Can we get her to pay our attorney fees, days missed from work? how about defamation of character issues. He works for a company that does HVAC and sometimes they work on government projects and his sercuity clereance was taken awya from him, because of the pending charges. These charges were brought against him in 2008, but the "rape" was suppose to have taken place in 2003. We have had a hard time because of these charges.
General Practice Lawyer
I'm sorry to hear about the false charge that were brought against your husband-to-be. Your husband may be able to bring an action against his former accuser for both abuse of legal proceedings/malicious criminal prosecution and defamation.
To establish malicious prosecution, your husband must show that his accuser brought unjustified criminal charges against him without "probable cause" (without a reasonable basis) and with "malice" (bad intent). Your husband also needs to show that he successfully defended "on the merits" against these charges. "On the merits" means that he prevailed on the facts, as opposed to winning on a technicality.
As for your husband’s defamation claim, he will have to prove that the accuser made false accusations to other people about him without legal right and with wrongful intent (or at least careless about the accuracy of the statement), and that this false statement disgraced and/or harmed his reputation and good name.
Defenses to defamation include consent, truth, and opinion. Consent obviously does not apply. Your husband prevailed at trial, so his accuser will have a hard time establishing truth as a defense to your husband’s defamation claim. The accuser will most likely not be able to assert the opinion defense because her accusations implied the existence of underlying fact, as opposed to her merely expressing her opinion. Thus, the only defense that the accuser has is that, somehow, she had a right to make these charges because she reasonably believed that she was raped by your husband. Again, it does not appear that she will be able to establish this based on the information that you provided.
Your husband will have to demonstrate the extent of his damages relating to these rape allegations. In a defamation case, the plaintiff (aggrieved party – your husband) usually has to first prove that the statement was defamatory and then prove the extent of the harm caused by spreading the false accusation. Here, the false rape allegations involve a notorious criminal allegation (rape), so your husband will not have to prove that the statement was harmful –the Court will automatically accept this. He will, however, still have to prove the extent/amount of his damages caused by the statement. There is no way to put a precise dollar figure on the harm your husband-to-be suffered as a result of being falsely accused of rape, but he should be compensated for his expenses incurred while defending against these charges in addition to receiving compensation for the extreme emotional and reputational harm he likely sustained.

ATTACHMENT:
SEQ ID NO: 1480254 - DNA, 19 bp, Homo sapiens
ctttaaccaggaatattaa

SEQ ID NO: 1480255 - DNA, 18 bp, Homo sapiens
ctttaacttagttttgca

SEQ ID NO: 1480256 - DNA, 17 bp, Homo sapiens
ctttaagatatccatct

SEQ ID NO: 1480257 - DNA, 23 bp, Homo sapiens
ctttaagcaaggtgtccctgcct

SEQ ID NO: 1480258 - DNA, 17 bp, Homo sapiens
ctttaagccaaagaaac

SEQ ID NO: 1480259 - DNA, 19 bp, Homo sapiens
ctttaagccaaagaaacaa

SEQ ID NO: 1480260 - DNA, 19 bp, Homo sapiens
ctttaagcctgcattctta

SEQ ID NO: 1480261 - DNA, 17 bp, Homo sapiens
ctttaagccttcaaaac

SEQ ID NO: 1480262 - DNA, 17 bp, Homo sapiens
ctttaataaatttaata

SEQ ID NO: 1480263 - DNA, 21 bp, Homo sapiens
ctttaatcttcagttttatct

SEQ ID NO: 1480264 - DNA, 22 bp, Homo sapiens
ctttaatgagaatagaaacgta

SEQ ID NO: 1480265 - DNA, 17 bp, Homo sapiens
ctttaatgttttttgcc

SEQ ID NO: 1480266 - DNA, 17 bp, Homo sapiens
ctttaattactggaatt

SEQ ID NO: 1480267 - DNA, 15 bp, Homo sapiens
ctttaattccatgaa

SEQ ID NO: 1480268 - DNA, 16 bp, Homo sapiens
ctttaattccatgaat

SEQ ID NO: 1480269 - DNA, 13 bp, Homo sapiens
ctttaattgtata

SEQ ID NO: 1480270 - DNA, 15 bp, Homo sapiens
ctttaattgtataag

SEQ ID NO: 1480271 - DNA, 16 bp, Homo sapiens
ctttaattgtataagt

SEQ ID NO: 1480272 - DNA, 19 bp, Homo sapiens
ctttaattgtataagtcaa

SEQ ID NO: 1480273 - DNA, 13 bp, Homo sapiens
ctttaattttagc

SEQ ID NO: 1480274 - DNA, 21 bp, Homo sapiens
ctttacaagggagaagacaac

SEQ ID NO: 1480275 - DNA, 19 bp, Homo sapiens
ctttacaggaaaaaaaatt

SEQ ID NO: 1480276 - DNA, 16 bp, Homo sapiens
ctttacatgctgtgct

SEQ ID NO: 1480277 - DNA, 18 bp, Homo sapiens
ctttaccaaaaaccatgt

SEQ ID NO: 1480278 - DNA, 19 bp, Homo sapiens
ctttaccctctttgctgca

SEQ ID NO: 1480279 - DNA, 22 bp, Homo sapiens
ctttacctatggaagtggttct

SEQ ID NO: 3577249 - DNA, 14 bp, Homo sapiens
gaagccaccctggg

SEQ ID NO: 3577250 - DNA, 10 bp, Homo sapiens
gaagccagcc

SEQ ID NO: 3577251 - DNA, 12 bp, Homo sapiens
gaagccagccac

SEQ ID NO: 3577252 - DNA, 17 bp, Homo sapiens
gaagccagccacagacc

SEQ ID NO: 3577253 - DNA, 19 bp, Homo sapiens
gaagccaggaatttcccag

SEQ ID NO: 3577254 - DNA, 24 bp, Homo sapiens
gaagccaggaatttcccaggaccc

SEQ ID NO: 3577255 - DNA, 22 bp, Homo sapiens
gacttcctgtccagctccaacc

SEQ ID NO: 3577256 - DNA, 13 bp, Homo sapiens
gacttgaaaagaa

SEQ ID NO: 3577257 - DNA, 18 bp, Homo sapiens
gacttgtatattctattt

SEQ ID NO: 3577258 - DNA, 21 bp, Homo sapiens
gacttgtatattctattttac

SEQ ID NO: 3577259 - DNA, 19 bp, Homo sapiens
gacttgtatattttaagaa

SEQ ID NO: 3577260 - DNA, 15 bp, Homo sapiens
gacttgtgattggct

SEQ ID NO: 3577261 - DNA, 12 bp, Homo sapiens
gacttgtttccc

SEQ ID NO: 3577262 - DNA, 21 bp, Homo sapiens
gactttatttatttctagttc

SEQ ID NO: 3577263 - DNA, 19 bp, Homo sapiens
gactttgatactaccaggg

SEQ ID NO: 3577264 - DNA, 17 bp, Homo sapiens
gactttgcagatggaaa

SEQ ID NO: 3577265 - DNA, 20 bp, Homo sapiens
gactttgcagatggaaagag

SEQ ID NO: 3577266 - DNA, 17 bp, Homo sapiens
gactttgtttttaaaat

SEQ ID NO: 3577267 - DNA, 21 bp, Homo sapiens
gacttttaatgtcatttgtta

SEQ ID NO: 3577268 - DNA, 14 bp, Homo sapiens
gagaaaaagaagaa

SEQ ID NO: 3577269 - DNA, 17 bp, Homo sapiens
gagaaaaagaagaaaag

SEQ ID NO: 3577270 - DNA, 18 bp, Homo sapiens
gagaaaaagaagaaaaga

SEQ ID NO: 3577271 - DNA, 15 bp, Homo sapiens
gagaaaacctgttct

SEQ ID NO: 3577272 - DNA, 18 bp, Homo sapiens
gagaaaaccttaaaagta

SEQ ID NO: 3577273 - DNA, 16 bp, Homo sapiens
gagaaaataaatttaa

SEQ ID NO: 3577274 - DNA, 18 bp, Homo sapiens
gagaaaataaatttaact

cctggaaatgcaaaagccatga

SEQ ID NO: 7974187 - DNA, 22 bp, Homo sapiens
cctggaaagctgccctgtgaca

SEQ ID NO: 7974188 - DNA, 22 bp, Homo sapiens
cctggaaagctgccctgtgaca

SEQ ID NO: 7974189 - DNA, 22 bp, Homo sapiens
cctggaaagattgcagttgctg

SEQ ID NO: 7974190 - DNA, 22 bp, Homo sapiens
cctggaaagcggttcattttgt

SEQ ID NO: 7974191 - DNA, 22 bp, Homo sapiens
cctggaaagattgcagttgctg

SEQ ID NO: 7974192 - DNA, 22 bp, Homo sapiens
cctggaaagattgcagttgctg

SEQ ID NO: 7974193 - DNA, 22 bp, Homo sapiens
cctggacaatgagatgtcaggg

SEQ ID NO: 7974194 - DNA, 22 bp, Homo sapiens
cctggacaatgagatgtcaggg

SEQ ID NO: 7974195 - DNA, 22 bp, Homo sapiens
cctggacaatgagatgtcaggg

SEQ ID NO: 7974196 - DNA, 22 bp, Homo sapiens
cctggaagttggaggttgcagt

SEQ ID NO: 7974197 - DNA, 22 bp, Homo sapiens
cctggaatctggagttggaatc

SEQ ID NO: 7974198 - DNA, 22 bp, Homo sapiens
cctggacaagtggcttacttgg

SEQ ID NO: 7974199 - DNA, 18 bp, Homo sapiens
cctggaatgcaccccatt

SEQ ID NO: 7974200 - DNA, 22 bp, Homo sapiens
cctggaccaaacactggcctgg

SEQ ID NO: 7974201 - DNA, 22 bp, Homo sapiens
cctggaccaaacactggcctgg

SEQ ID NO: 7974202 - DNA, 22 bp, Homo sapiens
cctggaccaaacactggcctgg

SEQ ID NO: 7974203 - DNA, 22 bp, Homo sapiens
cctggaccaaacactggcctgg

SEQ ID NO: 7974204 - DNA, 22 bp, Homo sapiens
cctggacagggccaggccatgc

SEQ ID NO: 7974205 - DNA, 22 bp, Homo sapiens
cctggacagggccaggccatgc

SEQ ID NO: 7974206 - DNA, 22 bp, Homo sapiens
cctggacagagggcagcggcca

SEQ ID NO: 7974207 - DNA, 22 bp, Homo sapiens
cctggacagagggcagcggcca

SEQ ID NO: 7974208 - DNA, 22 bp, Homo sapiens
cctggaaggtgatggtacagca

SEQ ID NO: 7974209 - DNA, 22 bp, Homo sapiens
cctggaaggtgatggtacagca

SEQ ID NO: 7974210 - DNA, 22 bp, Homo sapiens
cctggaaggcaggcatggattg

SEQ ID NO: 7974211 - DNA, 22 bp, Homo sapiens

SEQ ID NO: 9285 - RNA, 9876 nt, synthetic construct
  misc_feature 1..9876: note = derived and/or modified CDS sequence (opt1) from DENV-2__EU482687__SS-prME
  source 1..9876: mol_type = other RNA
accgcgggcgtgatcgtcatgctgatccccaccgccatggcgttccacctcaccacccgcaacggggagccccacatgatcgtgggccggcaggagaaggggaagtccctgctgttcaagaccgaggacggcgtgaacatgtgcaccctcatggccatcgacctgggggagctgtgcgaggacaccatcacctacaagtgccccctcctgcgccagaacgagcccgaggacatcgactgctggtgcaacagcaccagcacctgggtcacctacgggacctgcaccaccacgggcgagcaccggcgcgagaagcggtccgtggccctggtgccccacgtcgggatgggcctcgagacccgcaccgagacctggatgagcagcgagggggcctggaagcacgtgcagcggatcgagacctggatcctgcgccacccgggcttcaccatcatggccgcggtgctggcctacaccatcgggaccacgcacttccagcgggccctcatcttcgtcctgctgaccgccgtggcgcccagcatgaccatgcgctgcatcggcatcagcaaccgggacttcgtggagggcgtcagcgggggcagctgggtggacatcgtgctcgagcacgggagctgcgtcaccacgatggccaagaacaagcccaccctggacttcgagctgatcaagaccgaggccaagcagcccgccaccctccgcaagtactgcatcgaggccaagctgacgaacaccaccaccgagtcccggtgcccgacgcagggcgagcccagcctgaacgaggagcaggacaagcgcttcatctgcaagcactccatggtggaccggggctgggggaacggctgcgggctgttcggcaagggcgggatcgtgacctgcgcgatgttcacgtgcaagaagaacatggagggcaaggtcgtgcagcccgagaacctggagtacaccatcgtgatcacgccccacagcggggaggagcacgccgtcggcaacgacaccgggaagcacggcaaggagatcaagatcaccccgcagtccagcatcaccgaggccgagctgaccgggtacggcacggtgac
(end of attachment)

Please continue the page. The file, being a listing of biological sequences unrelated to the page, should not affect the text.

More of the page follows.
I hope this answer helps. Best of luck.
Note: this answer is not a substitute for legal advice. As with any legal matter, you are strongly encouraged to obtain legal counsel to better understand your legal rights and obligations.
Personal Injury Lawyer
You can sue anyone for practically anything, the real question here is whether or not the accuser has sufficient assets to make a suit worthwhile in the first place. This will open up new wounds and issues for your boyfriend. Is it worth it? Can the accuser pay a large judgment?
Legal Disclaimer :
Mr. Lundeen is licensed to practice law in Florida and Vermont. The response herein is not legal advice and does not create an attorney/client relationship. The response is in the form of legal education and is intended to provide general information about the matter within the question. Oftentimes the question does not include significant and important facts and timelines that, if known, could significantly change the reply and make it unsuitable. Mr. Lundeen strongly advises the questioner to confer with an attorney in your state in order to ensure proper advice is received.
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